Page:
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Viral ‘Jeyes fluid’ chain message resurfaces in South Africa

The hoax message shared with Africa Check on WhatsApp.

“Hi, there,” read a message sent to Africa Check’s WhatsApp number last week. “I just received this text from a friend and I want to know if it’s legit?”

The message appeared to be an “important warning from S.A. Police”. It explained how thieves are making explosives using Jeyes Fluid - a brand of disinfectant fluid.

“A plastic bottle with a cap. A little Jeyes. A little water. A small piece of foil. Trying to disturb it by moving it - and BOOM!” the message warns.

“No fingers left and other serious effects to your face, eyes, etc.”

Message has circulated for many years


A quick Google search revealed that the warning has been shared for a number of years, both in South Africa and internationally.

A community newspaper, the Kempton Express, investigated the chain message in 2014. At the time, the Kempton Park police station had not received any complaints or had any cases reported.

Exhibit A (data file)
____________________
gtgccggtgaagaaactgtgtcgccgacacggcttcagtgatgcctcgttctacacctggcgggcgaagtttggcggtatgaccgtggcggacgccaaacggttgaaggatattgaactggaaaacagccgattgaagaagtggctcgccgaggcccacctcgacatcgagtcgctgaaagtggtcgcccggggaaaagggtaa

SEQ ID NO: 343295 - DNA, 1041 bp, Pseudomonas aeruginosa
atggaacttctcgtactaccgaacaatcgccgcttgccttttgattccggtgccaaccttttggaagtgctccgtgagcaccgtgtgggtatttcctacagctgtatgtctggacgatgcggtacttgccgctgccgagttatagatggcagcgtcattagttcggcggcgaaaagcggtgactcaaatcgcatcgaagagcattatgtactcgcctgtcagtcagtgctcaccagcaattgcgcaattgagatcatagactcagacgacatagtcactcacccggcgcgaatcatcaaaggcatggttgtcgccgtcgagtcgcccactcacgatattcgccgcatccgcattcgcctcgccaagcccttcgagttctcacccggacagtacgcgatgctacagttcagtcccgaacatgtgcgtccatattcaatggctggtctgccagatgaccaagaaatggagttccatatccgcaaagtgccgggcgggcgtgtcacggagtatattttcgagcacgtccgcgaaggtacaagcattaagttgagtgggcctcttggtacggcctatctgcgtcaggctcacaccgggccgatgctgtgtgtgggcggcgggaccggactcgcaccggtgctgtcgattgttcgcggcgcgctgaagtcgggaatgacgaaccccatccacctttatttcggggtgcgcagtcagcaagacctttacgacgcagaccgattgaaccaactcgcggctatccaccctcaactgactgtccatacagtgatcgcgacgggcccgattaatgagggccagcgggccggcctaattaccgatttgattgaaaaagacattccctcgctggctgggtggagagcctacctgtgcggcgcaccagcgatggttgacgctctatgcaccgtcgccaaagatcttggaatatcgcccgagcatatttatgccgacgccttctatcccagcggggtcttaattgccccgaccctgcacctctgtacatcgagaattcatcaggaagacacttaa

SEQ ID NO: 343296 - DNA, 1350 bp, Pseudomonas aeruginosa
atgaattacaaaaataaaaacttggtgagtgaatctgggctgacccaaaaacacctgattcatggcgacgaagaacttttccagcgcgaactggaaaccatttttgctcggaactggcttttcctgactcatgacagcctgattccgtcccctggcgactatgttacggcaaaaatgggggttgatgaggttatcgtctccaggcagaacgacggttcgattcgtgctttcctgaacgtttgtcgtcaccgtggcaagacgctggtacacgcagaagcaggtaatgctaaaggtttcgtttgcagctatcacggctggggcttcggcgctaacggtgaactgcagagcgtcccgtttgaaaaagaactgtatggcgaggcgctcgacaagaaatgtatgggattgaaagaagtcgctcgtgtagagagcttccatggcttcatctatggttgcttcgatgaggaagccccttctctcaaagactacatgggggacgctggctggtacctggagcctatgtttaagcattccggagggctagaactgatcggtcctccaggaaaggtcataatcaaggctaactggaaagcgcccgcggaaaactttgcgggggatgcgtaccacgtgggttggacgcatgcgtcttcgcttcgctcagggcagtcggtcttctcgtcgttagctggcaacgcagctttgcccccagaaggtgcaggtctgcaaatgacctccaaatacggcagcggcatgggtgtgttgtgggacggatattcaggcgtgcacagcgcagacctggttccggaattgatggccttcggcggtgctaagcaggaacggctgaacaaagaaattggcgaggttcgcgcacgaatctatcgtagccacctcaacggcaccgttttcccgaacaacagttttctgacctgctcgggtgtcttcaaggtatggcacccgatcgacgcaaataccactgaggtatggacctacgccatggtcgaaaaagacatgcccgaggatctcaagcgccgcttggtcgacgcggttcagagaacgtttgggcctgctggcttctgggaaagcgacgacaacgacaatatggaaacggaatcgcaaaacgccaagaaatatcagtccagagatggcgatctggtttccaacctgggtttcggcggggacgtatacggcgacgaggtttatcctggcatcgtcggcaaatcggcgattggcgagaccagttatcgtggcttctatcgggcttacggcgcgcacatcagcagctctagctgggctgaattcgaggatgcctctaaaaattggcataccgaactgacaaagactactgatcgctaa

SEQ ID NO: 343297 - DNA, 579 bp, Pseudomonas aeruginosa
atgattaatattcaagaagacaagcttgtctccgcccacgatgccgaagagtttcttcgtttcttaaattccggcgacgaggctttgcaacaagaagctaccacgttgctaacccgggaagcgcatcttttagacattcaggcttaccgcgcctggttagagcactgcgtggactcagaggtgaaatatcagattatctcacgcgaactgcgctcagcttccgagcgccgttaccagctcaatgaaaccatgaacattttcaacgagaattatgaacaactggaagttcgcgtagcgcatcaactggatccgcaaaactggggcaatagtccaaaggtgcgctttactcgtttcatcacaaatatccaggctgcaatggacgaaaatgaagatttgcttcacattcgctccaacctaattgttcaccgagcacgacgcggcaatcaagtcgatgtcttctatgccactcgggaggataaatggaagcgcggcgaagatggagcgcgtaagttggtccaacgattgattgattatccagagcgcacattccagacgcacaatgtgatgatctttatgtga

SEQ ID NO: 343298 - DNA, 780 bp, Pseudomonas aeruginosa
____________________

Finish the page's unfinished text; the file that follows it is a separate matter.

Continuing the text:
The message is signed off by “Kol. Cor Snel” from Pretoria. Africa Check tried to call the cell phone number listed at the bottom of the message but it does not exist.

Pressure bombs do pose a threat


Though the viral message is not legitimate, similar home concoctions can cause injuries.

Fact-checking website Snopes looked into a related viral message that was shared in 2010 about bombs made of drain cleaner Drano and tin foil in Ann Arbor, Michigan.

“The combination of the hydrogen chloride or sodium hydroxide in the fluid and the aluminum foil creates a strong chemical reaction which releases hydrogen gas; when that gas builds up to sufficient pressure, it ruptures the side of the plastic bottle, releasing the contents in an explosive burst,” explained Snopes.

“Although the force of pressure-based bottle bombs may seem small when compared to other types of explosives (such as gunpowder-based ones), any form of explosive has the potential to cause serious injury”.

Have you received a viral WhatsApp message that needs to be fact-checked? Forward it to us on +27 73 749 7875.

Further reading:

https://africacheck.org/factsheets/guide-how-to-spot-fakes-and-hoaxes-online/

https://africacheck.org/reports/are-spiked-oranges-the-latest-hijacking-ploy-in-south-africa/

https://africacheck.org/reports/sa-police-dont-help-crying-children-warning-a-hoax/

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